A surprising entry to the mid-range derby is Microsemi’s new-ish PolarFire family. If you slept through the last decade, you might have missed that Microsemi’s FPGAs were from the company formerly known as Actel. Their FPGAs have generally been targeted at the high-reliability military/aerospace market, and they have typically played in their own separate sandbox outside the mainstream because of their size, performance, and feature set. PolarFire has changed all that, jumping directly into the midrange FPGA game, going head-to-head with Xilinx and Intel.
Unlike the other two competitors, PolarFire is a non-volatile, flash-based FPGA, removing the need for external configuration circuitry, improving security, reducing startup time, improving low-power standby mode, and reducing power consumption.
PolarFire devices range from 109K to 481K LUTs, making them the largest that Microsemi has built to date. On the SerDes front, we get up to 24 12.7 Gbps transceivers – not up to the counts of the larger competitive devices but right in the mix in the middle of the range. Similarly, when it comes to DSP blocks, PolarFire includes from 336 to 1,480 hardened 18×18 MAC blocks, and embedded memory weighs in at 7.6 to 33 Mbits. Each device also includes 2 hardened PCIe Gen2 endpoints.
These specs put PolarFire straddling the low-end and mid-range families from the other two competitors, with differentiated features that make them an interesting option against the middle of the other companies mid-range lines. Their flash-based technology brings benefits in security, power consumption, and system simplicity. Flash-based FPGAs are inherently more resistant to single-event upsets (SEUs) than their SRAM-based cousins. Flash-based FPGAs also enjoy significantly lower leakage current and therefore have much lower standby power as well. At startup time, there is no inrush configuration current, which is often the peak current demand that drives power supply selection for SRAM-based devices.
With all of these options, the mid range offers us a remarkable range of options, each with interesting differentiators that may make the difference for your application. If you want the fastest possible SerDes in a mid-range device, head over to Xilinx’s Kintex line. If hardened floating point is interesting to you – Intel’s Arria is the only game in town. And, if you want non-volatile operation with security and power consumption as priorities – check out Microsemi’s PolarFire. While none of these families is making headlines with the highest density, the fanciest semiconductor process, or the fastest new transceivers, they all deliver fantastic value at prices that fit the budget of a much wider range of systems than their snobby, temperamental high-end siblings.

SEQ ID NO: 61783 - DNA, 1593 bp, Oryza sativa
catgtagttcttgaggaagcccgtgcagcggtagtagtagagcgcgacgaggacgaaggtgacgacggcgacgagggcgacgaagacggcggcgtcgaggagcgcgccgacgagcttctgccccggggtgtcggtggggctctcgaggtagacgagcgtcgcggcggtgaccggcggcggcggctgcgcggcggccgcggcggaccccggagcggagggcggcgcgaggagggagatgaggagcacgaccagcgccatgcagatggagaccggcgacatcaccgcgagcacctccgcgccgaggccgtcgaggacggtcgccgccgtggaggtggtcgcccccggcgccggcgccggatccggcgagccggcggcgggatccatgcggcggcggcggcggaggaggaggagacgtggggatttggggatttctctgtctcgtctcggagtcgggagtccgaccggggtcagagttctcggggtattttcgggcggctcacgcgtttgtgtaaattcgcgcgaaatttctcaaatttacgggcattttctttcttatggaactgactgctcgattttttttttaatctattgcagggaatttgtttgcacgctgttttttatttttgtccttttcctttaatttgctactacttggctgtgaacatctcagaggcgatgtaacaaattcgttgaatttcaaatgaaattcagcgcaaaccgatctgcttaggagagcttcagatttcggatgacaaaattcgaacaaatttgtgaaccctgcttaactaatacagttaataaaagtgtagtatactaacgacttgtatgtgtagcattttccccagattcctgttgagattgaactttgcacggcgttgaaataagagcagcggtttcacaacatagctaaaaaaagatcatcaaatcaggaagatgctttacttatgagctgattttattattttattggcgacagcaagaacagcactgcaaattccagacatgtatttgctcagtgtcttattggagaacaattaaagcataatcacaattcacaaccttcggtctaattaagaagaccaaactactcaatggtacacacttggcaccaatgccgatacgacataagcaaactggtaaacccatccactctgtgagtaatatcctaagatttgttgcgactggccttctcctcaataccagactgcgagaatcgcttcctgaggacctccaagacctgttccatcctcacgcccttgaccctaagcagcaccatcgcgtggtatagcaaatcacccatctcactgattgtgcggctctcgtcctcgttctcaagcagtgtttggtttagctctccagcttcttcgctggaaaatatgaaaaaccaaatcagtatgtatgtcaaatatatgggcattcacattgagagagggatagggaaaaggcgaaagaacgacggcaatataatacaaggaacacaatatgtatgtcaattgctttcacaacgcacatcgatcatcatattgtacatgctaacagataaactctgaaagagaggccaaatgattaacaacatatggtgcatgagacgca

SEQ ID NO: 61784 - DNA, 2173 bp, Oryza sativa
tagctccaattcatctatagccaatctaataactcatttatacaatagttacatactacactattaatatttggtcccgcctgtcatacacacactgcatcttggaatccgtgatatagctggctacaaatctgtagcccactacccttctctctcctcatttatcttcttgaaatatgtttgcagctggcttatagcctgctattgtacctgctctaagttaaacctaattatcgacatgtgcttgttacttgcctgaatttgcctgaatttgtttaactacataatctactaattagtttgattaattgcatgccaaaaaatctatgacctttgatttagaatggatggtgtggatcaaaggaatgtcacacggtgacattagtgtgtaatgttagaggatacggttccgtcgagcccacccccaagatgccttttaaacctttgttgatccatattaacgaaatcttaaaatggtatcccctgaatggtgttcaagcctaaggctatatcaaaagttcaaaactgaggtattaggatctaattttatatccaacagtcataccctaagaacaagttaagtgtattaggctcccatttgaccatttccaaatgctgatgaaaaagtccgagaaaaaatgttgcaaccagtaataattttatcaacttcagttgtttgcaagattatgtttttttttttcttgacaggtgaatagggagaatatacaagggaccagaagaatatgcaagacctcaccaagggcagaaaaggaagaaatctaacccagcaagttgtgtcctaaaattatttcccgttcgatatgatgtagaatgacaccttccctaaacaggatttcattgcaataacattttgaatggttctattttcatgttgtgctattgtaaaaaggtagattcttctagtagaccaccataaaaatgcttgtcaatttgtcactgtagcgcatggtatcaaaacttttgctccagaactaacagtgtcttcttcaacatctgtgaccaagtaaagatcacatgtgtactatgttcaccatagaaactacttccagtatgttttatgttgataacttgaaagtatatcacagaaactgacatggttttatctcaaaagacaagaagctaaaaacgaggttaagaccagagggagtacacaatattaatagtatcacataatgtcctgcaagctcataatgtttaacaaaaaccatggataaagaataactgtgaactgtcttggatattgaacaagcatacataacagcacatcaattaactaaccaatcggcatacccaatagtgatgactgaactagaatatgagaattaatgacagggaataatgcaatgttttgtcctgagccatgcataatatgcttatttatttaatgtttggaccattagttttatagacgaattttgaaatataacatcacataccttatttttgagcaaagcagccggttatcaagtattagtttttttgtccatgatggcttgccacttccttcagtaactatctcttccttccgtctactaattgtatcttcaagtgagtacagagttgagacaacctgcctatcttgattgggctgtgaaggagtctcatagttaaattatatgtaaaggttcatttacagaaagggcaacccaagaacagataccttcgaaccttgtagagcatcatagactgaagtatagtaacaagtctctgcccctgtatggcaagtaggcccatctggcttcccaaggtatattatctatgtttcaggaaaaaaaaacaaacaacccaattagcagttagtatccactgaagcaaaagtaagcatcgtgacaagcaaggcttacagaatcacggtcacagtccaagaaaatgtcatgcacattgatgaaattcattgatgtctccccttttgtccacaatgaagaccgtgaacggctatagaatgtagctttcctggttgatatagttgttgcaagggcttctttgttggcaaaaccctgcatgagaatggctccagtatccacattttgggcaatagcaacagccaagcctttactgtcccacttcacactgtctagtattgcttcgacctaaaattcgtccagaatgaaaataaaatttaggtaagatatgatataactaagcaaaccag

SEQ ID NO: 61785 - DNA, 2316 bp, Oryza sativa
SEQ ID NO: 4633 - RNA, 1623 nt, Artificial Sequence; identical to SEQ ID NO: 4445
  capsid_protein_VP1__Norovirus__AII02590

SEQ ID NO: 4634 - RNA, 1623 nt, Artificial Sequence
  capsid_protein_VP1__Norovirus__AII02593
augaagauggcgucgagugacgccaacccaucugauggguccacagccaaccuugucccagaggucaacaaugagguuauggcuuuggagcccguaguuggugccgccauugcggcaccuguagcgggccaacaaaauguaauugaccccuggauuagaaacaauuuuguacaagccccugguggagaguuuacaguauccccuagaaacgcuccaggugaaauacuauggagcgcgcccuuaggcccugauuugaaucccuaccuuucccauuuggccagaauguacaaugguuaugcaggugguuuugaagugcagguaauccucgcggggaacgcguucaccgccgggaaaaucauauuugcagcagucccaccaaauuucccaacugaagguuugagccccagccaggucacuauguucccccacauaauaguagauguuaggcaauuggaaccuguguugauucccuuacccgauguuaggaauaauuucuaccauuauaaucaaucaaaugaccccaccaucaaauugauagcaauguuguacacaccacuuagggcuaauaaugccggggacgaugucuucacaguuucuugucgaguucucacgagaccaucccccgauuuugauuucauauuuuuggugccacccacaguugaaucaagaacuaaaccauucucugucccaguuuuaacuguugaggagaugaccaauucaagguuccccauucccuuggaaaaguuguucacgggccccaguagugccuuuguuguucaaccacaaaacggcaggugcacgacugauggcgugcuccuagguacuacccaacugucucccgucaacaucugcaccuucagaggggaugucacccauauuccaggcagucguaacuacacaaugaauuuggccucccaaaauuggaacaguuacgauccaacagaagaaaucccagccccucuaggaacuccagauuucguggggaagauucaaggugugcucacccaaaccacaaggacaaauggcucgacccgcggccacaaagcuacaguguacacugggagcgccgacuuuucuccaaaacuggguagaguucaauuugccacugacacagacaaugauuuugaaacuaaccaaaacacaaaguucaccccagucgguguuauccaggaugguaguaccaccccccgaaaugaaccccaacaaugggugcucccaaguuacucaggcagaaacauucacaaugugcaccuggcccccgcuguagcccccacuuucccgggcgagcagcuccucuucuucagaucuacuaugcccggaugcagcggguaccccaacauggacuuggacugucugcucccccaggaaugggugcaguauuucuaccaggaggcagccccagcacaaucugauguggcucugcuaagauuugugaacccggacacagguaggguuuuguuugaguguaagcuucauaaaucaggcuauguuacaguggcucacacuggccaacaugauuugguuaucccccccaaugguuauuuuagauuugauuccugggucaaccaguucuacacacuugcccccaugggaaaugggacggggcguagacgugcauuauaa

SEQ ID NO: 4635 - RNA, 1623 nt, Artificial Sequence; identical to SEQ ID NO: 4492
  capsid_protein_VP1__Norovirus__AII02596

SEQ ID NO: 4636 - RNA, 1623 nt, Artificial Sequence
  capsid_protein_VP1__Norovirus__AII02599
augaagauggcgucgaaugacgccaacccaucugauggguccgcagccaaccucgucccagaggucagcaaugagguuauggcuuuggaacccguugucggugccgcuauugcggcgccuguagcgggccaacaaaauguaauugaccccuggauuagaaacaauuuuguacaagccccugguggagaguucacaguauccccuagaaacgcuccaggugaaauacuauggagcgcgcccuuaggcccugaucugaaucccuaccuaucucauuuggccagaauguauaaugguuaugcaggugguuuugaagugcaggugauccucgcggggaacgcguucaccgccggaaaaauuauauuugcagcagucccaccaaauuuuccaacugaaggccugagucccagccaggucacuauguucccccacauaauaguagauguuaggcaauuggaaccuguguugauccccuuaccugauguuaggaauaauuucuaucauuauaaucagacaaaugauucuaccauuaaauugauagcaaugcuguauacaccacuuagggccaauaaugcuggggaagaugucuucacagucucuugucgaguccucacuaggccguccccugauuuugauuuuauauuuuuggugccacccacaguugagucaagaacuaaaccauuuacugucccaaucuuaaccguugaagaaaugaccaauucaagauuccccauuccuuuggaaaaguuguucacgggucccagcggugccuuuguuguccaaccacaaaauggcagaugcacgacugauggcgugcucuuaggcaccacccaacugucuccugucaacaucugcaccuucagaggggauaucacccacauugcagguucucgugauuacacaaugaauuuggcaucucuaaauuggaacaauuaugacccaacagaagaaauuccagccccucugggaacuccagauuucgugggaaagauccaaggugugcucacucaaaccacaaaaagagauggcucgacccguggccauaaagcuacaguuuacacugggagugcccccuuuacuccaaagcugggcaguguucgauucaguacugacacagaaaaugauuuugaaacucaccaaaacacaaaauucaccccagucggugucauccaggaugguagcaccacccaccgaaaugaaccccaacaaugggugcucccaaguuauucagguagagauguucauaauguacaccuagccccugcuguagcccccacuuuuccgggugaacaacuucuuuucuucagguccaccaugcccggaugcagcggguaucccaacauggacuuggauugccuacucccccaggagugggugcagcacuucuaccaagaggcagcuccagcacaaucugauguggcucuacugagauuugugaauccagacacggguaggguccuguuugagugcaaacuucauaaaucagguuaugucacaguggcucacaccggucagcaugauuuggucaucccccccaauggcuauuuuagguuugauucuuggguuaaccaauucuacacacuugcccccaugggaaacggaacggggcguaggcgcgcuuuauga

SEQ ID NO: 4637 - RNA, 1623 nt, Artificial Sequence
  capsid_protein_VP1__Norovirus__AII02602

2 thoughts on “Mid-Range Mayhem”
Probably the most notable thing about the smallest Polarfire device with 109K LUTs, is that it’s probably significantly more powerful than Xilinx’s decade old flagship Virtex-II and Virtex-II/PRO products (XC2V8000 with 104K LUT’s and XC2VP125 with 125K LUT’s), at a tiny fraction of the Xilinx list price … slightly over $100/US as compared to 2004 when the Xilinx devices were in the high thousands of dollars. All this is ignoring configuration memory costs, and that the Xilinx devices were nearly hot enough to heat a small house in many locales.
The largest Polarfire part, at 5X, completely blows the decade old gold standards into hyperspace … features, speeds, power, etc.
As more and more Xilix and Altera patents expire, it’s very likely we will see bigger versions of high end older product with current state of the art feature sizes, speeds, and power budgets. A new future for fabless companies pushing the mainstream state of the art.
And why is this important … because a large number of high end devices that failed due to market pressure post DOT. COM bust, can now be re-implemented at COTS prices and be highly profitable.